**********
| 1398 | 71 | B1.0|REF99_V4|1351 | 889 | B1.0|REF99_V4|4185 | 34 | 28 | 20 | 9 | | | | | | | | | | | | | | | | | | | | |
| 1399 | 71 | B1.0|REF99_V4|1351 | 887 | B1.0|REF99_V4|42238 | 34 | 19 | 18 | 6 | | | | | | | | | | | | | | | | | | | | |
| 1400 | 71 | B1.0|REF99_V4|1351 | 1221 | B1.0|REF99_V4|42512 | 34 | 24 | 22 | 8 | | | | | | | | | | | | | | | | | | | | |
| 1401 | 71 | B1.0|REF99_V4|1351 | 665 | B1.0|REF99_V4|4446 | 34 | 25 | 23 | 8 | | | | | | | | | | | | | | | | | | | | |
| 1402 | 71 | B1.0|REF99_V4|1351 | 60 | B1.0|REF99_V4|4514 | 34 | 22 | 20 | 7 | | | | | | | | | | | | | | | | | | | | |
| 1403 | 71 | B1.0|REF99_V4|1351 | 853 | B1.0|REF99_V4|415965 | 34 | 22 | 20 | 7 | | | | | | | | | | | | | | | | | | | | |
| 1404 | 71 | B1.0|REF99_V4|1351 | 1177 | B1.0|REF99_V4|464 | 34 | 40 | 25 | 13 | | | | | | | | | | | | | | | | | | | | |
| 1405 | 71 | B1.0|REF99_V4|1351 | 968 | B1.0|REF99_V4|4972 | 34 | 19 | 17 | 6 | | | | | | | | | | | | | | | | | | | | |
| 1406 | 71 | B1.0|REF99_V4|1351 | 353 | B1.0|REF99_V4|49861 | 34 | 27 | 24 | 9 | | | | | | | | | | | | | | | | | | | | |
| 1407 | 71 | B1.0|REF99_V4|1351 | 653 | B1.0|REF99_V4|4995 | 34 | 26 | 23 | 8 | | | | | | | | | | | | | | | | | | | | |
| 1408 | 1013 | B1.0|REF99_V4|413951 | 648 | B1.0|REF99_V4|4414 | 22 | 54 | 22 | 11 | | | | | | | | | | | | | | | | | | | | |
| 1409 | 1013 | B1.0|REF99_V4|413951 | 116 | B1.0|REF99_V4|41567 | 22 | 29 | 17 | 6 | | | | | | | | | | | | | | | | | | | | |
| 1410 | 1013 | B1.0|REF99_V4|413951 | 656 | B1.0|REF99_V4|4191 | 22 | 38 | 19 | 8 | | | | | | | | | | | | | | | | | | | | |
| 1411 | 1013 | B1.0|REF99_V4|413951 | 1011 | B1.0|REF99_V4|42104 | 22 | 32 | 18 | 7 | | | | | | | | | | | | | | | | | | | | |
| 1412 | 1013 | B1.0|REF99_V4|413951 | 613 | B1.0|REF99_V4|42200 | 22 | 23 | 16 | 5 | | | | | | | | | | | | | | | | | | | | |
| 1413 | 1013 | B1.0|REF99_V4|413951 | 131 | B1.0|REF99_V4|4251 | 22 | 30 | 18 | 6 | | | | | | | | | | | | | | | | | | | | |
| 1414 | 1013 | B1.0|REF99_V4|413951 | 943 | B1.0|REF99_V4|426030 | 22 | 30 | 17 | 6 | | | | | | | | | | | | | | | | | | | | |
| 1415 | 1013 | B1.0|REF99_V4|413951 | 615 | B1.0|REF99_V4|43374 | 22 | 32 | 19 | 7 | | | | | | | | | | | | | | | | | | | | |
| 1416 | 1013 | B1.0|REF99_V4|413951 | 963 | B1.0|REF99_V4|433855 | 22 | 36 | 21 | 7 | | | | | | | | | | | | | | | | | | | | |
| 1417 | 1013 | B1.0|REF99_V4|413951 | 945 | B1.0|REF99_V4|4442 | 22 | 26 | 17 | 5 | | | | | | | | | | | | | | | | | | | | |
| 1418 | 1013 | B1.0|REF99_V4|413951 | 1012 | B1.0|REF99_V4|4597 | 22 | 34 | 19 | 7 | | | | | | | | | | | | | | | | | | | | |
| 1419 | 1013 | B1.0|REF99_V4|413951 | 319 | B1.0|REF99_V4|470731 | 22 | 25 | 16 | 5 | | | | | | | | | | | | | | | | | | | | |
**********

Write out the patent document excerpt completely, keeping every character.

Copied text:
| 1398 | 71 | B1.0|REF99_V4|1351 | 889 | B1.0|REF99_V4|4185 | 34 | 28 | 20 | 9 | | | | | | | | | | | | | | | | | | | | |
| 1399 | 71 | B1.0|REF99_V4|1351 | 887 | B1.0|REF99_V4|42238 | 34 | 19 | 18 | 6 | | | | | | | | | | | | | | | | | | | | |
| 1400 | 71 | B1.0|REF99_V4|1351 | 1221 | B1.0|REF99_V4|42512 | 34 | 24 | 22 | 8 | | | | | | | | | | | | | | | | | | | | |
| 1401 | 71 | B1.0|REF99_V4|1351 | 665 | B1.0|REF99_V4|4446 | 34 | 25 | 23 | 8 | | | | | | | | | | | | | | | | | | | | |
| 1402 | 71 | B1.0|REF99_V4|1351 | 60 | B1.0|REF99_V4|4514 | 34 | 22 | 20 | 7 | | | | | | | | | | | | | | | | | | | | |
| 1403 | 71 | B1.0|REF99_V4|1351 | 853 | B1.0|REF99_V4|415965 | 34 | 22 | 20 | 7 | | | | | | | | | | | | | | | | | | | | |
| 1404 | 71 | B1.0|REF99_V4|1351 | 1177 | B1.0|REF99_V4|464 | 34 | 40 | 25 | 13 | | | | | | | | | | | | | | | | | | | | |
| 1405 | 71 | B1.0|REF99_V4|1351 | 968 | B1.0|REF99_V4|4972 | 34 | 19 | 17 | 6 | | | | | | | | | | | | | | | | | | | | |
| 1406 | 71 | B1.0|REF99_V4|1351 | 353 | B1.0|REF99_V4|49861 | 34 | 27 | 24 | 9 | | | | | | | | | | | | | | | | | | | | |
| 1407 | 71 | B1.0|REF99_V4|1351 | 653 | B1.0|REF99_V4|4995 | 34 | 26 | 23 | 8 | | | | | | | | | | | | | | | | | | | | |
| 1408 | 1013 | B1.0|REF99_V4|413951 | 648 | B1.0|REF99_V4|4414 | 22 | 54 | 22 | 11 | | | | | | | | | | | | | | | | | | | | |
| 1409 | 1013 | B1.0|REF99_V4|413951 | 116 | B1.0|REF99_V4|41567 | 22 | 29 | 17 | 6 | | | | | | | | | | | | | | | | | | | | |
| 1410 | 1013 | B1.0|REF99_V4|413951 | 656 | B1.0|REF99_V4|4191 | 22 | 38 | 19 | 8 | | | | | | | | | | | | | | | | | | | | |
| 1411 | 1013 | B1.0|REF99_V4|413951 | 1011 | B1.0|REF99_V4|42104 | 22 | 32 | 18 | 7 | | | | | | | | | | | | | | | | | | | | |
| 1412 | 1013 | B1.0|REF99_V4|413951 | 613 | B1.0|REF99_V4|42200 | 22 | 23 | 16 | 5 | | | | | | | | | | | | | | | | | | | | |
| 1413 | 1013 | B1.0|REF99_V4|413951 | 131 | B1.0|REF99_V4|4251 | 22 | 30 | 18 | 6 | | | | | | | | | | | | | | | | | | | | |
| 1414 | 1013 | B1.0|REF99_V4|413951 | 943 | B1.0|REF99_V4|426030 | 22 | 30 | 17 | 6 | | | | | | | | | | | | | | | | | | | | |
| 1415 | 1013 | B1.0|REF99_V4|413951 | 615 | B1.0|REF99_V4|43374 | 22 | 32 | 19 | 7 | | | | | | | | | | | | | | | | | | | | |
| 1416 | 1013 | B1.0|REF99_V4|413951 | 963 | B1.0|REF99_V4|433855 | 22 | 36 | 21 | 7 | | | | | | | | | | | | | | | | | | | | |
| 1417 | 1013 | B1.0|REF99_V4|413951 | 945 | B1.0|REF99_V4|4442 | 22 | 26 | 17 | 5 | | | | | | | | | | | | | | | | | | | | |
| 1418 | 1013 | B1.0|REF99_V4|413951 | 1012 | B1.0|REF99_V4|4597 | 22 | 34 | 19 | 7 | | | | | | | | | | | | | | | | | | | | |
| 1419 | 1013 | B1.0|REF99_V4|413951 | 319 | B1.0|REF99_V4|470731 | 22 | 25 | 16 | 5 | | | | | | | | | | | | | | | | | | | | |